How can animal manure help my soils be healthier and more productive?

How can animal manure help my soils be healthier and more productive?

Agustin Olivo – Graduate Research Assistant, University of Nebraska, Lincoln

Do you have ponding, crusting, poor soil structure, low water retention or erosion in some of your fields?

Animal manure, when correctly applied, can help to solve several of these issues.

This article is written by a University of Nebraska-Lincoln student, Agustin Olivo, as part of their Animal Manure Management class in Biological Systems Engineering. It has been reviewed by experts to encourage accuracy of issues presented. The article represents the student’s understanding of the subject addressed at this stage in his career. Rick Koelsch, faculty instructor

The purpose of this article is to explain how manure application can help improve your soil health and productivity. It is easier to understand soils when we split their characteristics into their chemical, physical, and biological properties. However, these property classes are part of a whole system and are all important.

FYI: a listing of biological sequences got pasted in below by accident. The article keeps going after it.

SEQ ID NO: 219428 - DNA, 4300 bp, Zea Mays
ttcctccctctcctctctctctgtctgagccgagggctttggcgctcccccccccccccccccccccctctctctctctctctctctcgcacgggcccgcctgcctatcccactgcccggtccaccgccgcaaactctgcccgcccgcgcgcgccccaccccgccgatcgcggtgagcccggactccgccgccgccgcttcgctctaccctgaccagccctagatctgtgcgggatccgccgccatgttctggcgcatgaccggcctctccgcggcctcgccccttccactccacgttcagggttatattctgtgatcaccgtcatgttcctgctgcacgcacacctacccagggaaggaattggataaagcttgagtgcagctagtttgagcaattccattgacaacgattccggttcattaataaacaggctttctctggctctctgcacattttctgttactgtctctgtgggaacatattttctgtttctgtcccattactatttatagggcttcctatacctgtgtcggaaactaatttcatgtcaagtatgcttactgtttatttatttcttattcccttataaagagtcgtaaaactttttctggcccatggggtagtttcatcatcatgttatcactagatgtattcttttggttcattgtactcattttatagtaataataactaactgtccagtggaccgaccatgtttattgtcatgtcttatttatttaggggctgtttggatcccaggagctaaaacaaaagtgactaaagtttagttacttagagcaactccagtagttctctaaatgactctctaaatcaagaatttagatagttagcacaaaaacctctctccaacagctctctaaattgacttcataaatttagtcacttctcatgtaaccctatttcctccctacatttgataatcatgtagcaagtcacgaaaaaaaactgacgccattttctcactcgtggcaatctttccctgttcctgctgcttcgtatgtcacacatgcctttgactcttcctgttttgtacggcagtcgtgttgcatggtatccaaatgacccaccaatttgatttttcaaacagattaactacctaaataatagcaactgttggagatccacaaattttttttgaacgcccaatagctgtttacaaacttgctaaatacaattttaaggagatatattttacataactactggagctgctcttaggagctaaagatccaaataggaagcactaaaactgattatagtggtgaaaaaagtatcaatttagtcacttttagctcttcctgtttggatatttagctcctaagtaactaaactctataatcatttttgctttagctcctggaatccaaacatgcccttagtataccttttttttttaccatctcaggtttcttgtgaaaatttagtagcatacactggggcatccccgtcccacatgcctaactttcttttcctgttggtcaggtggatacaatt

Soil Chemical Properties

What are the soil chemical properties important to soil health? How are they affected by manure?

Soil chemical properties are necessary for well-functioning soils to support development and functions of plant and soil organisms. Of the many soil chemical properties the following are affected by manure application:



How can manure help?

Soil Organic Matter

Composed of all organic components of the soil. It affects all soil physical, chemical, and biological properties. It has a direct correlation with soil fertility, plant nutrition, water holding capacity, bulk density, and aggregate stability.

Increase soil organic matter

Nutrients Content

Mainly nitrogen, phosphorous and other micronutrients, available in the soil to be absorbed by plants.

Provide nutrients to crops

Cation Exchange Capacity (CEC)

The ability of the soil to hold nutrients and release them through chemical reactions for plant uptake.

Increase CEC


A measure of the level of acidity or alkalinity in the soil. Essential for plant nutrition, growth and soil’s biological and chemical activity.

Keep pH in normal levels

What problems are associated with soil chemical properties?
Crops with nutrient deficiencies
Figure 1. Common problems associated with nutrient deficiencies or reduced nutrient availability in corn that may benefit from manure.